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interested themselves by various means in their affairs.
Finally, by one bold and single leap, the Congress of the United States has, through the Inter-State Commerce Act, sought to absolutely direct all of the business of railroad transportation in the United States. This piece of legislation, although not new in thought, as we shall hereafter see, is entirely novel in the history of the United States Government; and when it passes through the ordeal of the courts, and its constitutionality is challenged, it will be found that outside of some disjected dicta of judges, there is no precedent for it in the decisions of the United States courts.
What its effect will be, assuming the perfect constitutionality of the Act, upon the prosperity or progress of the country, and upon the business and financial interests of the railroad corporations, no one can foretell; but that it will be a factor of the most vital importance, in the management of railroads, will be readily conceded. Whether the Act will be injurious to the financial condition of all the railroad corporations, or favorable to some and detrimental to others, it is impossible to predict.
But this is certain: So much power is lodged in the hands of the Inter-State Commerce Commissioners, that it lies mainly with those officials to determine whether the law will be salutary or hurtful, either to the railroads or the public; because there can be no question that if the Act is broadly and wisely interpreted, and prudently administered, by the Inter-State Commerce. Commissioners, all interests may be subserved, if not benefited.
This move of the National Legislature is one. strongly towards the direction of centralization of power in the hands of the Federal Govern-ment. Strangely enough, its chief promoters and advocates are representatives from the South. The next natural step must be the purchase and absolute control, by the same power, of all this vast railroad property.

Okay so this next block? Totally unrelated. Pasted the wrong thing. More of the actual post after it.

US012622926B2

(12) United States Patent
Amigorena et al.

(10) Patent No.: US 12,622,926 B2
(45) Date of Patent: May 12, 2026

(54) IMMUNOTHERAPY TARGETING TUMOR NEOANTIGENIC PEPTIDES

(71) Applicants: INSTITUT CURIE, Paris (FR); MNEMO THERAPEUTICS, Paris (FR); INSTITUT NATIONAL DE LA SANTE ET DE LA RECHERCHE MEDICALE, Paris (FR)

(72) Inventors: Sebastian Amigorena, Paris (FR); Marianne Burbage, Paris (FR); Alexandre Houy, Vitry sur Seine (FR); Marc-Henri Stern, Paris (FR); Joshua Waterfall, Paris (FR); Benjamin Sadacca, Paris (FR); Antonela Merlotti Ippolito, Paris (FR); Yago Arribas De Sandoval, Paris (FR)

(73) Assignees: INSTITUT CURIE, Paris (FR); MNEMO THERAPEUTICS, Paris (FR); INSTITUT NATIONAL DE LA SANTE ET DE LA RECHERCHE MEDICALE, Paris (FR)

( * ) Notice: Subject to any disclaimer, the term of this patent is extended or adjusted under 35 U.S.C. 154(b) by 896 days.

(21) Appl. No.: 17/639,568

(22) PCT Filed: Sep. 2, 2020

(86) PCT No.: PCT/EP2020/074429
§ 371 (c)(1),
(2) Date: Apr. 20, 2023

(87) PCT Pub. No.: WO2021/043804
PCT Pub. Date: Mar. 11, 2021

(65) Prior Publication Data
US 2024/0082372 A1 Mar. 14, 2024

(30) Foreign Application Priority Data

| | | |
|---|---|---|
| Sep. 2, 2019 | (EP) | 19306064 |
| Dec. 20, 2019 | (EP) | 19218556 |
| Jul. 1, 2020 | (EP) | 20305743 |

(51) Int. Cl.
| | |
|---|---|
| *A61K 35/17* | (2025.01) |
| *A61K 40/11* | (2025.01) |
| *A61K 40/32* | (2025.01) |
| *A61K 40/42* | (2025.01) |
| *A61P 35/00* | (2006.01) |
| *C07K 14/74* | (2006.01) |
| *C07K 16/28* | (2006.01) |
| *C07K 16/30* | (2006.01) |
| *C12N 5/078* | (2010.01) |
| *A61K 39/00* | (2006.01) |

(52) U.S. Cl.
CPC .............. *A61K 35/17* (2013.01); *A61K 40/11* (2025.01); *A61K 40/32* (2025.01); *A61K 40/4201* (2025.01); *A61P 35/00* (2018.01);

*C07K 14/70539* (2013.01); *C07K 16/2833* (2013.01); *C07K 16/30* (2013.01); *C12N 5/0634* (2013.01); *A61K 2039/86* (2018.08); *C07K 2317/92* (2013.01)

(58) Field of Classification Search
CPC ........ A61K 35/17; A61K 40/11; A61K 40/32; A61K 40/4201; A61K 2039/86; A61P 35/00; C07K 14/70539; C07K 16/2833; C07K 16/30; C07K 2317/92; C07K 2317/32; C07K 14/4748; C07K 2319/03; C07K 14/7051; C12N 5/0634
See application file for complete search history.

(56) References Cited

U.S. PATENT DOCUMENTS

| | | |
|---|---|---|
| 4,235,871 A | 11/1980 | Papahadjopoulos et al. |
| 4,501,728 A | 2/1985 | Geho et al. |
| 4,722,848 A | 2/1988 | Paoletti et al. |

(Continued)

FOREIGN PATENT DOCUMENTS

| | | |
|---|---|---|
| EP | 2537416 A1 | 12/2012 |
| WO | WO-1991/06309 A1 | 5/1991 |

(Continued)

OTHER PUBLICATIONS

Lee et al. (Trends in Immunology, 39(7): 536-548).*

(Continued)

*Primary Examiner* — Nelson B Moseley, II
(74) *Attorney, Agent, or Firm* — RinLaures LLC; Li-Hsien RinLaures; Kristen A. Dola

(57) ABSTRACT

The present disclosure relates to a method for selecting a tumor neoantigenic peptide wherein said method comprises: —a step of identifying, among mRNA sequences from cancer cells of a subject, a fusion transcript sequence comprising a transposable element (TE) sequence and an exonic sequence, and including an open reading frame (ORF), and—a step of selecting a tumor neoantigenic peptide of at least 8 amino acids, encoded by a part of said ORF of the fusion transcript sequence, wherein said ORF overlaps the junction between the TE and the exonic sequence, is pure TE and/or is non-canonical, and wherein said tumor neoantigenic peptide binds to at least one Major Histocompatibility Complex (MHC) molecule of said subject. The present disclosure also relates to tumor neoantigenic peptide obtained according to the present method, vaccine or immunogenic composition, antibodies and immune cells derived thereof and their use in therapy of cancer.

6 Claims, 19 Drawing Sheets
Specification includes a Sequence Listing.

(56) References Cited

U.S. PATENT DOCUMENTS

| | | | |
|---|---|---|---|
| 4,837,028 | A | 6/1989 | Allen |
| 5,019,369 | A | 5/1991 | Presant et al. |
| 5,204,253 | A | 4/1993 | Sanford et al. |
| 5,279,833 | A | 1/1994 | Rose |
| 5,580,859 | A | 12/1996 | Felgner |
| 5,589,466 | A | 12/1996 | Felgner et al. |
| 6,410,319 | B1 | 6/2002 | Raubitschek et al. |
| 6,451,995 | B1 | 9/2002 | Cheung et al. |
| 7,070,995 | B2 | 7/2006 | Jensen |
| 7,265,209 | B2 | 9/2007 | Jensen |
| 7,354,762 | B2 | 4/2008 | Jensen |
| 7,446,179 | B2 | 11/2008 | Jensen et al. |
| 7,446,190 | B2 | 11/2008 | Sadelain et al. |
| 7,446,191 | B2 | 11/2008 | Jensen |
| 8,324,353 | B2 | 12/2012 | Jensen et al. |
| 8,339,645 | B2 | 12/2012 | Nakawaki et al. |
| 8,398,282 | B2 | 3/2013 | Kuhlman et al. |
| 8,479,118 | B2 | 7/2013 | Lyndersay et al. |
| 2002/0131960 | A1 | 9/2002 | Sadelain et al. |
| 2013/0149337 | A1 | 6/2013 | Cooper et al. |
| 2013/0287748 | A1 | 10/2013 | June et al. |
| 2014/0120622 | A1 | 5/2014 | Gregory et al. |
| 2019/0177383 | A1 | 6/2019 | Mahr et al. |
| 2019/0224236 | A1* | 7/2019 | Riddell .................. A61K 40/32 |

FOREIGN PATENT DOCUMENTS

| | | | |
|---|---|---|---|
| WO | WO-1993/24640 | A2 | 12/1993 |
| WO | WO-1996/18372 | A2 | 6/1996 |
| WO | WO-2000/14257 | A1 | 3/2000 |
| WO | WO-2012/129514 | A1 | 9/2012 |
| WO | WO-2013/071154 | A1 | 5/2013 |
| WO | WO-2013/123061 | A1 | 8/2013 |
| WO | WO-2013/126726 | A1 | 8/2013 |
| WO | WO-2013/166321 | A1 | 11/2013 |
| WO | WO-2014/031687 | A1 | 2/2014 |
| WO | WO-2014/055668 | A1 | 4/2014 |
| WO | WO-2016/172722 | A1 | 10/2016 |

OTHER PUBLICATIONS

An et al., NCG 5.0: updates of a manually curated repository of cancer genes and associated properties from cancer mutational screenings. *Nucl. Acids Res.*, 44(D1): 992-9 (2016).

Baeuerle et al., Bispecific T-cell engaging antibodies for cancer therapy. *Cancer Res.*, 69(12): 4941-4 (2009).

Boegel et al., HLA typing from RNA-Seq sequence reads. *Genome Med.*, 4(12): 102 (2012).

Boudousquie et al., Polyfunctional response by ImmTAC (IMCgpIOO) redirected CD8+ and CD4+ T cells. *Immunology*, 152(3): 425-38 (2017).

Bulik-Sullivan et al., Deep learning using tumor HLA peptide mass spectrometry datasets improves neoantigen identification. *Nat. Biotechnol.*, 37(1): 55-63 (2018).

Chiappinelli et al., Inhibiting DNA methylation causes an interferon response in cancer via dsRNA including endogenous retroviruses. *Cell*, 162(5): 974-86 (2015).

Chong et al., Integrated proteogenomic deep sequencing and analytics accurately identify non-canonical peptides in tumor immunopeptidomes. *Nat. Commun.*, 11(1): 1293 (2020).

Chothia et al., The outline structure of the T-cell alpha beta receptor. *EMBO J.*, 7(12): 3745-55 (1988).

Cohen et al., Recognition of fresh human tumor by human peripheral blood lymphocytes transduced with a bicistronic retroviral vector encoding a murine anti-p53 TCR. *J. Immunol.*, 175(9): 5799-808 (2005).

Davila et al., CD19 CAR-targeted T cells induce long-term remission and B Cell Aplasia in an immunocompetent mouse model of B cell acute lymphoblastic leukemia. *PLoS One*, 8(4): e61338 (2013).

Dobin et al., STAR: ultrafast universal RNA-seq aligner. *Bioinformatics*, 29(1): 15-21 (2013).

The subjects involved in the Inter-State Commerce Act are so interesting, and the people of the country are so deeply involved in its results, that no apology need be made for this little treatise, which embraces a history of the law, an analysis of its different provisions, as well as other matters generally connected. with the subject.
HISTORY OF INTER-STATE COMMERCE LEGISLA
TTEMPTS to regulate the business of common carriers, and to prescribe rates of charges for transporting persons and property, and for storing or handling the latter, date back at least to 1870, when the people of Illinois incorporated in their constitution several sections relative to elevators or storehouses, where grain or other property was stored for a compensation; and on April 25, 1871, to carry out the purposes of this constitutional provision, an act of the General Assembly of Illinois was passed, which was sustained as constitutional by the Supreme Court of the United States. (Munn v. Illinois, United States, 113.) 94
In that case the Court held: "That where warehouses are situated and their business is carried on exclusively within a State, she may, as a matter of domestic concern, prescribe reg
ulations for them, notwithstanding they are used as instruments by those engaged in interState, as well as in State, commerce; and, until Congress acts in reference to their inter-State. relations, such regulations can be enforced, even though they may indirectly operate upon commerce beyond her immediate jurisdiction."
At the same term of the Supreme Court of the United States (October, 1876), an act of the General Assembly of the State of Iowa, entitled "An act to establish reasonable maximum rates of charges for the transportation of freight and passengers on the different roads. of this State," approved March 23, 1874, was also sustained as constitutional, and held not to be a regulation of inter-State commerce. (Chicago, Burlington, & Quincy R. R. Co. v.. Iowa, 94 United States, 155.)
A similar statute of Wisconsin, prescribing a maximum of charges, to be made by the Chicago & Northwestern R. R. Co., for transporting persons or property within the State, or taken up outside of the State and brought within it, or taken up inside and carried without, was also upheld as constitutional. (Peik v. Chicago & Northwestern R. R. Co., 94. United States, 164.)